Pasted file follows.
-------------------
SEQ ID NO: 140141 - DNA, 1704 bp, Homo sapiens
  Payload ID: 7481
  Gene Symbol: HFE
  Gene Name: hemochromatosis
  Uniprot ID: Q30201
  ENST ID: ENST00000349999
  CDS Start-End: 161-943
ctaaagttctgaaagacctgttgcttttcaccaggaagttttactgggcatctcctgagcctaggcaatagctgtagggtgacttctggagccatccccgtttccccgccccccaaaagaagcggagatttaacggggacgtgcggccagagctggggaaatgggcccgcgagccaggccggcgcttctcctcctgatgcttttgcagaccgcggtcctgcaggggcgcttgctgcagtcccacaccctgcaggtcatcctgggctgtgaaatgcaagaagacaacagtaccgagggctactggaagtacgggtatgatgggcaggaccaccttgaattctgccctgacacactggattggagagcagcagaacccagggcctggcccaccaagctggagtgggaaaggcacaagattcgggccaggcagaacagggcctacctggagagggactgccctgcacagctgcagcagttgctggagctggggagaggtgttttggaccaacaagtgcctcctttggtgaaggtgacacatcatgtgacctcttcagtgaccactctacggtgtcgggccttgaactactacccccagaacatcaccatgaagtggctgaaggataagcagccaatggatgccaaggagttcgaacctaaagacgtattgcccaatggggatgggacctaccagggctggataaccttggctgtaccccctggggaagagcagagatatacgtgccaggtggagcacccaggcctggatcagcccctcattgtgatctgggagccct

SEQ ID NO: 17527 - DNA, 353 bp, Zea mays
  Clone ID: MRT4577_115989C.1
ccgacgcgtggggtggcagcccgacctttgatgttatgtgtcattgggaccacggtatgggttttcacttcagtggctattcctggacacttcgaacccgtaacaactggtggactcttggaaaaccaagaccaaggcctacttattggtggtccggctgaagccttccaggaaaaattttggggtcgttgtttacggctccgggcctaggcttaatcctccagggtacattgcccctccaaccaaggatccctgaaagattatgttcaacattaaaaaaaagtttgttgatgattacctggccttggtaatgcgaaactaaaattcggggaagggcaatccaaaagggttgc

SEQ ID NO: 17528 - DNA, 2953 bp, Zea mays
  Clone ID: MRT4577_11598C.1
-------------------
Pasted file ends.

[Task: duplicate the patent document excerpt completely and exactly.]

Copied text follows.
SEQ ID NO: 140141 - DNA, 1704 bp, Homo sapiens
  Payload ID: 7481
  Gene Symbol: HFE
  Gene Name: hemochromatosis
  Uniprot ID: Q30201
  ENST ID: ENST00000349999
  CDS Start-End: 161-943
ctaaagttctgaaagacctgttgcttttcaccaggaagttttactgggcatctcctgagcctaggcaatagctgtagggtgacttctggagccatccccgtttccccgccccccaaaagaagcggagatttaacggggacgtgcggccagagctggggaaatgggcccgcgagccaggccggcgcttctcctcctgatgcttttgcagaccgcggtcctgcaggggcgcttgctgcagtcccacaccctgcaggtcatcctgggctgtgaaatgcaagaagacaacagtaccgagggctactggaagtacgggtatgatgggcaggaccaccttgaattctgccctgacacactggattggagagcagcagaacccagggcctggcccaccaagctggagtgggaaaggcacaagattcgggccaggcagaacagggcctacctggagagggactgccctgcacagctgcagcagttgctggagctggggagaggtgttttggaccaacaagtgcctcctttggtgaaggtgacacatcatgtgacctcttcagtgaccactctacggtgtcgggccttgaactactacccccagaacatcaccatgaagtggctgaaggataagcagccaatggatgccaaggagttcgaacctaaagacgtattgcccaatggggatgggacctaccagggctggataaccttggctgtaccccctggggaagagcagagatatacgtgccaggtggagcacccaggcctggatcagcccctcattgtgatctgggagccct

SEQ ID NO: 17527 - DNA, 353 bp, Zea mays
  Clone ID: MRT4577_115989C.1
ccgacgcgtggggtggcagcccgacctttgatgttatgtgtcattgggaccacggtatgggttttcacttcagtggctattcctggacacttcgaacccgtaacaactggtggactcttggaaaaccaagaccaaggcctacttattggtggtccggctgaagccttccaggaaaaattttggggtcgttgtttacggctccgggcctaggcttaatcctccagggtacattgcccctccaaccaaggatccctgaaagattatgttcaacattaaaaaaaagtttgttgatgattacctggccttggtaatgcgaaactaaaattcggggaagggcaatccaaaagggttgc

SEQ ID NO: 17528 - DNA, 2953 bp, Zea mays
  Clone ID: MRT4577_11598C.1